The Jeep Cherokee XJ will always be the greatest Jeep of all time, and my weekend off-roading in northern Michigan demonstrated exactly why, even if it ended with serious damage.
When people ask me what my favorite car is, I always answer “Jeep Cherokee XJ.” That’s because it’s as perfect as an SUV can possibly be. Chiseled good looks? Check. Great visibility? Check. Low curb weight? Check. Reliable engine and drivetrain? Check. Tons of low-end torque and decent power? Check. Easy and cheap to fix? Check. Amazingly capable off-road? Check. Practical? Check. Reasonable ride quality for daily driving? Check. Can be had for a reasonable price? Check.
The Cherokee is the best Jeep of all time, and always will be, because no future Jeep will ever offer as much off-road capability for as low of a price (the only solid axle Jeep left is the expensive Wrangler and its truck variant, the Gladiator), no future Jeep will ever be as light (due to safety regs), no future Jeep will be as easy to repair, no future Jeep will offer as good visibility due to crash safety regs and no future Jeep is going to have those classic sharp lines that are terrible for aerodynamics.
The greatest thing about an XJ, though, is that first point. Throw a couple of bucks and a few hours into it, and the Jeep will out-gun damn near any modern vehicle off-road. I put a $120 junkyard lift on my Jeep, along with maybe $200 worth of Bilstein shocks, and it did this:
That’s literally just a stock XJ with a junkyard three-inch lift kit and some Walmart Goodyear Wrangler Authority all-terrain tires. And while I won’t say my Jeep was anywhere near as capable as some of the modified vehicles in our group of ten, it really held its own. Given that I have lots of experience off-roading, and that I don’t mind if my Jeep breaks since I can just fix it (and I don’t mind if it gets scratched), I took some of the harder obstacles and the Jeep did great.
Dewalt 20V Max Cordless Drill & Driver Kit
Comes equipped with an LED which goes on when the trigger is pulled. You’ll a clear view of whatever you are drilling or screwing with minimal shadows.
Though I did get pretty stuck at one point:
Other off-roaders in our party included Wrangler JKs, a JL, TJs, a TJ Unlimited, and my boss Rory’s Lexus GX470, which was actually quite awesome (He’ll tell you more about it in his own story).
The off-roading took place on Drummond Island up in northern Michigan. The trails were filled with lots of standing water and mud, with just a few rocky obstacles along the way.
It was a great time. Rory was in his fancy Toyota, I was in my XJ, my friend Brandon and his girlfriend Ashley were rolling in Brandon’s bone-stock 2015 Jeep Wrangler JK Willys edition (which he actually helped assemble at the plant in Toledo), and my buddy Adam was in his lightly-modified two-door JK. We were all joining another group of Jalopnik readers who, a few months back, invited me to go off-roading with them. I hadn’t met anyone in the group in person, but when my small crew arrived on Drummond Island, we found ourselves among a group of great people who loved old Jeeps. The whole weekend was fantastic, especially since I got to share a bunkbed with my boss Rory in a trailer. Hopefully HR is cool with that.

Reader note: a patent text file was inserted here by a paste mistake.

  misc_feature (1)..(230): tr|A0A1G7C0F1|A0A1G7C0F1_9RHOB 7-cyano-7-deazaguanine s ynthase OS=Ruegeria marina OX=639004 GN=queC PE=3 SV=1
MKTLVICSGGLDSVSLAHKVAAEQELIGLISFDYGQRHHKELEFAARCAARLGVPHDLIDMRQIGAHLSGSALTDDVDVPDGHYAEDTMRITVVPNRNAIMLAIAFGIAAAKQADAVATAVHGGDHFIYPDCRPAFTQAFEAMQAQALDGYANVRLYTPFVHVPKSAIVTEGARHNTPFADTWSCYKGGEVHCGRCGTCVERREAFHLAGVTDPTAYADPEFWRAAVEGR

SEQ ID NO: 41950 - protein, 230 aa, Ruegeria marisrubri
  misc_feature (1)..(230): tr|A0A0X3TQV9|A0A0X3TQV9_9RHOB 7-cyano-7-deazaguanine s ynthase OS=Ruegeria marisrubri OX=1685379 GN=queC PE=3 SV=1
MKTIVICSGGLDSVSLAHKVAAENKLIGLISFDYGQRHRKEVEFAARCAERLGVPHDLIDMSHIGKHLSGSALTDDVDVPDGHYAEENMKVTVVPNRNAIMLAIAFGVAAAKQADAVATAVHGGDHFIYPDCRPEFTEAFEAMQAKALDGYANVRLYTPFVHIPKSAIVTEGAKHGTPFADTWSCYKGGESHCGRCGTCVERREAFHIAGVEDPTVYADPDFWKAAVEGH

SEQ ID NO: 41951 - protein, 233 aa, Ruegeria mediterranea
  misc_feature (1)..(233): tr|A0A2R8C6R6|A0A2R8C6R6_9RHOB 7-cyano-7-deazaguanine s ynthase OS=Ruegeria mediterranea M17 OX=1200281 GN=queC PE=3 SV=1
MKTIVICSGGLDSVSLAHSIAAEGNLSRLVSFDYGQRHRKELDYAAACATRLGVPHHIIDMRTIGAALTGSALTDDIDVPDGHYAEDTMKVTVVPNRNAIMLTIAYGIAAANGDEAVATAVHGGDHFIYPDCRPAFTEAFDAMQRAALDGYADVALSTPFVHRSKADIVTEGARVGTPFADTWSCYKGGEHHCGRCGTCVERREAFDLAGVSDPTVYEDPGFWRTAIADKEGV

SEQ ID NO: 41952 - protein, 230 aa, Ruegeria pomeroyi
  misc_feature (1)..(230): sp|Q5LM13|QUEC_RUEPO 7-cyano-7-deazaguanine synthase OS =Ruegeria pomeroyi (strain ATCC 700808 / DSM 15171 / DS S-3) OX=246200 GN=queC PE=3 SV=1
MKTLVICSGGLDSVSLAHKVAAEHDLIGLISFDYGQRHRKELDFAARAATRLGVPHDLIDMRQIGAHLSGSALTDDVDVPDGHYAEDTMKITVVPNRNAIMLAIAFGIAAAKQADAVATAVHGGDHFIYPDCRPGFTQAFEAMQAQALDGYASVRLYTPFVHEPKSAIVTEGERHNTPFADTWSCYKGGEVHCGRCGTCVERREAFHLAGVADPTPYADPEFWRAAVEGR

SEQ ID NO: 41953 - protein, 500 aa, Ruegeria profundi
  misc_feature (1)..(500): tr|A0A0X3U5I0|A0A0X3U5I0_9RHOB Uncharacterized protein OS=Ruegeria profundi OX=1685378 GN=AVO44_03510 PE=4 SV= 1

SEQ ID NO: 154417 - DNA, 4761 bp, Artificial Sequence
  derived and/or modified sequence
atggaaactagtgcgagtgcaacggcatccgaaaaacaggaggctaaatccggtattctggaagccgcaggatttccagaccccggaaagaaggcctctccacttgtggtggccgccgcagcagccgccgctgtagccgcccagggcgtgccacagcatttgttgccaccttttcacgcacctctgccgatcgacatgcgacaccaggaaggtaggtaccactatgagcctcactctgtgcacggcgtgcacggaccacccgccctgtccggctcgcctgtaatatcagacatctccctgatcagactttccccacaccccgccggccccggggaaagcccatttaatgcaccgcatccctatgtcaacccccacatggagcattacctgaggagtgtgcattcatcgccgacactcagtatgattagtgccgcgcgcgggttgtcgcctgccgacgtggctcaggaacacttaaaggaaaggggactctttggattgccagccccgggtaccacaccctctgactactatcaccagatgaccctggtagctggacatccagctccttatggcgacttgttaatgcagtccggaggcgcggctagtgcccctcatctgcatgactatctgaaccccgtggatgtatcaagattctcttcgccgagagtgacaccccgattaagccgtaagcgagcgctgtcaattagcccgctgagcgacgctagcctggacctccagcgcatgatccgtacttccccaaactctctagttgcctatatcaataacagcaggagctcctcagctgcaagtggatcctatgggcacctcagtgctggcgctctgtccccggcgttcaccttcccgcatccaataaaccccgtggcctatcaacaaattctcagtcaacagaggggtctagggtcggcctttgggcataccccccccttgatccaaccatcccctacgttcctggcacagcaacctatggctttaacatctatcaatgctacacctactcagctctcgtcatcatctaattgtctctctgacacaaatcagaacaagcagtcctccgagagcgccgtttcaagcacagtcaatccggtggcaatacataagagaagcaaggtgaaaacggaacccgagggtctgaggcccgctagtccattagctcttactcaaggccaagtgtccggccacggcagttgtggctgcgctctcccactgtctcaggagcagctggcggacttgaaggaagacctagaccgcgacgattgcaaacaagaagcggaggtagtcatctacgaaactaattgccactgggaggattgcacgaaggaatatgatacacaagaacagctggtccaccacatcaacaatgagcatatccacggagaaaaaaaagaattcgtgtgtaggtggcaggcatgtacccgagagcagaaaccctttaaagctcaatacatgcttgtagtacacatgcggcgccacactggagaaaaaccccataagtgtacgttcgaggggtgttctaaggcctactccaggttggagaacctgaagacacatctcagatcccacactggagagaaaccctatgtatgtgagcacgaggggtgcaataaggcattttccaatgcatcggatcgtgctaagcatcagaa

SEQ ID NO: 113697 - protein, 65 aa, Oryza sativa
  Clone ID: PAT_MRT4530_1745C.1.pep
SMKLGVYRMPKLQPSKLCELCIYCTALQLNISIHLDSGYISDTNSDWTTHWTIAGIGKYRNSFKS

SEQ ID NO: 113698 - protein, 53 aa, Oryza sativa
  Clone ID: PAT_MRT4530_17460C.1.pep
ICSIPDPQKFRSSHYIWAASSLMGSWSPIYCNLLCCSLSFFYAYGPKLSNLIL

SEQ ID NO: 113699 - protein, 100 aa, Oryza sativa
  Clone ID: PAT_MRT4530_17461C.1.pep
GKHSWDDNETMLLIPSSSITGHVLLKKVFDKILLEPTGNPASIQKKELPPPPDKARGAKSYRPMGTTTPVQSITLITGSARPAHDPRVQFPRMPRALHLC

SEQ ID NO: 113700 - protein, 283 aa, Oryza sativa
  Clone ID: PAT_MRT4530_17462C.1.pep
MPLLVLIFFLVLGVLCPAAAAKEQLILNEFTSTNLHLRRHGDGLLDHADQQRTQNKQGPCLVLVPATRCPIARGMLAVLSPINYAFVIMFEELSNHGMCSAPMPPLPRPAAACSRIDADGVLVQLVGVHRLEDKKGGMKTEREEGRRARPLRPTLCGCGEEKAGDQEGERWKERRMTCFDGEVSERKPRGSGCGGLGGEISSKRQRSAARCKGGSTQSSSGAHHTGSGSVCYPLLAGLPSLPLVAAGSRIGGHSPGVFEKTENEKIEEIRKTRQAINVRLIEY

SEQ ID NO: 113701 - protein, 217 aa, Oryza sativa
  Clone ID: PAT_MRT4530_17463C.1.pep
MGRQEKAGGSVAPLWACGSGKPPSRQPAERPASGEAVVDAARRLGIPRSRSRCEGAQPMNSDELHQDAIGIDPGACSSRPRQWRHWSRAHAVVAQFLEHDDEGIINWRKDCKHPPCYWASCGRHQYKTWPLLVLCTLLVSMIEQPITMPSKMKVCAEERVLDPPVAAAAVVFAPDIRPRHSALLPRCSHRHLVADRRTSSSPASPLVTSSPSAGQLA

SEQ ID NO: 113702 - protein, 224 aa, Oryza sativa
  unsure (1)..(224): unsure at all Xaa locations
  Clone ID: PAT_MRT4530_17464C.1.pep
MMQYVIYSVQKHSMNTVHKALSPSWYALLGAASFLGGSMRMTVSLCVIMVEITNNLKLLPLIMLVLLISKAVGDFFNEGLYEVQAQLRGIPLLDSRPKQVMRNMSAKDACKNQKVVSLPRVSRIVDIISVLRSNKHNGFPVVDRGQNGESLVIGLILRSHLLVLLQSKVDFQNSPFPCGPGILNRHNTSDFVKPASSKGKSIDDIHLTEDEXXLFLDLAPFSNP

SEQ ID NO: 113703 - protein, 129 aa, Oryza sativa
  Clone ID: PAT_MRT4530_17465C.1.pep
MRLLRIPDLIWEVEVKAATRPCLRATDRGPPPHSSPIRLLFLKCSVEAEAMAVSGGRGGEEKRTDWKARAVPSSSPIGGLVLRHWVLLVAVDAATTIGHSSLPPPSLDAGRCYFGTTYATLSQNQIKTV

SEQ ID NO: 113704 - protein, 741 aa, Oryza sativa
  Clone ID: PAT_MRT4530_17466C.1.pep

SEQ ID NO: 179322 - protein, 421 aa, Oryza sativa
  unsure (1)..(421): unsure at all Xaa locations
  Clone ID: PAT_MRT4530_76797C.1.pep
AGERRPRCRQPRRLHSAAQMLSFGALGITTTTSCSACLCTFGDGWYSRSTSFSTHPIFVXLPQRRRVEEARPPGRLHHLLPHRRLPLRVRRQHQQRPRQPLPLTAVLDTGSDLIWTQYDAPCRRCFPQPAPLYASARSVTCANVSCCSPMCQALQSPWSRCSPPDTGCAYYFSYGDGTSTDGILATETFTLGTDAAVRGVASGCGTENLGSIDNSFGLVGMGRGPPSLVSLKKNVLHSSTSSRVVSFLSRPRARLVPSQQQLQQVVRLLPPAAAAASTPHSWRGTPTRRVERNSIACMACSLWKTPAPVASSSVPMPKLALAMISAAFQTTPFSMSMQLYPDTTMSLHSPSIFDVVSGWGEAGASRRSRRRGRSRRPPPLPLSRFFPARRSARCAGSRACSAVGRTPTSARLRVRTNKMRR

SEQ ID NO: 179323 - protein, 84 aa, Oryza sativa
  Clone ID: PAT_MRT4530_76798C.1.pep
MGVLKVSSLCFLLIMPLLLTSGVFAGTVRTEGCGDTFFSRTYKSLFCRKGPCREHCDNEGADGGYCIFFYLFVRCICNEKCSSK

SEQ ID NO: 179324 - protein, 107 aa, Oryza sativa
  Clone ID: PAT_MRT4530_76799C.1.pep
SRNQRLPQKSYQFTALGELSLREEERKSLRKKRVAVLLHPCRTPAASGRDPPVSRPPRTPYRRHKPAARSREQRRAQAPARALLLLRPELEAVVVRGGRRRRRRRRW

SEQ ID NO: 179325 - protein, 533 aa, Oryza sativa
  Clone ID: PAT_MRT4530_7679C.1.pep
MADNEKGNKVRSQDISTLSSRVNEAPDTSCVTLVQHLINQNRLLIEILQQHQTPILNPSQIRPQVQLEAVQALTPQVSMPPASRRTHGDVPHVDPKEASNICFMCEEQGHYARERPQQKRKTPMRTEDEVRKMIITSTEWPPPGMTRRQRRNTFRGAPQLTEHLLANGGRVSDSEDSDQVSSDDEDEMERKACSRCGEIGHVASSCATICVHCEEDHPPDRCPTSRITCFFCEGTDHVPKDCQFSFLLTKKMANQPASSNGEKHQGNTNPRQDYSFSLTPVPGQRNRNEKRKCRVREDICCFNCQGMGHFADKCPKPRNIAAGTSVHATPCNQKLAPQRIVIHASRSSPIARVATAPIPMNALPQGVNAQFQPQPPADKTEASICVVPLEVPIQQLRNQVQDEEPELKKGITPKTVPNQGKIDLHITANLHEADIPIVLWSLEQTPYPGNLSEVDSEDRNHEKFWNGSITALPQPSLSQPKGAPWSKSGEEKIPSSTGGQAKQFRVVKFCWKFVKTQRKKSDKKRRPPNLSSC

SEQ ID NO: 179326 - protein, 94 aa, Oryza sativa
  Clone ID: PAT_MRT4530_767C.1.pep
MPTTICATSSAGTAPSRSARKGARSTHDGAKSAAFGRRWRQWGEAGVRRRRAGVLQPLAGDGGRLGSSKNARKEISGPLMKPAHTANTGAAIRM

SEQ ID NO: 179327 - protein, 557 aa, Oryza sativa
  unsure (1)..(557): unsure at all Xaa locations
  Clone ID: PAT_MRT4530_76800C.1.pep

On Sunday, I pointed my 300,000 mile XJ south and headed home. In short order, I began hearing a whirring noise from the rear of the vehicle, but only when my foot was on the pedal. I was worried about the differential, so I pulled the fill plug, only to witness gray fluid dribbling out. Water had clearly entered my axle.
All I had was a quart of gear oil on hand, so I had to fill the remaining space — roughly a quart — with diesel engine oil. I drove for about 10 miles with this mixture before finding a hardware store, where I bought some proper 80W-90.
I inspected the gears upon cracking open the diff for a second time, and they looked fine. I’m not sure exactly what is making all the noise under load, but if I had to guess, I’d say it’s either the pinion bearing or carrier bearings. One thing is for sure: The pinion seal is toast, as the axle’s rotating yoke shoots gear oil all over the place.
The rear diff problem wasn’t so bad that I couldn’t drive the Jeep, so I just limped the vehicle home. On the way, I looked down at my temperature gauge, and my engine — the cooling system of which had, admittedly, been marginal all weekend, with the needle always sitting a few degrees over the proper engine operating temperature — was beginning to overheat.
Prior to my off-road trip, the engine would run warm. When I revved the motor and forced coolant through the apparently clogged radiator (I tried flushing it prior to the trip, to no avail), the temperature normally dropped into a safe range. For some reason, after that off-road trip, even revs couldn’t save this four-liter from getting too hot. Watch as an ethylene glycol-based fluid boils out of my reservoir:
So I’m likely going to have to replace my rear axle and radiator; possibly also my head gasket. I also no longer have functioning headlights, as all the water apparently caused some shorting. Plus, my left turn signal no longer works.
Still, it’s not as bad as my very first off-road trip that I wrote about for Jalopnik back in 2015. That was awful, but it only cost me $200 to fix. And I suspect fixing the Jeep after this off-road excursion won’t cost much more. That is the beauty of the XJ.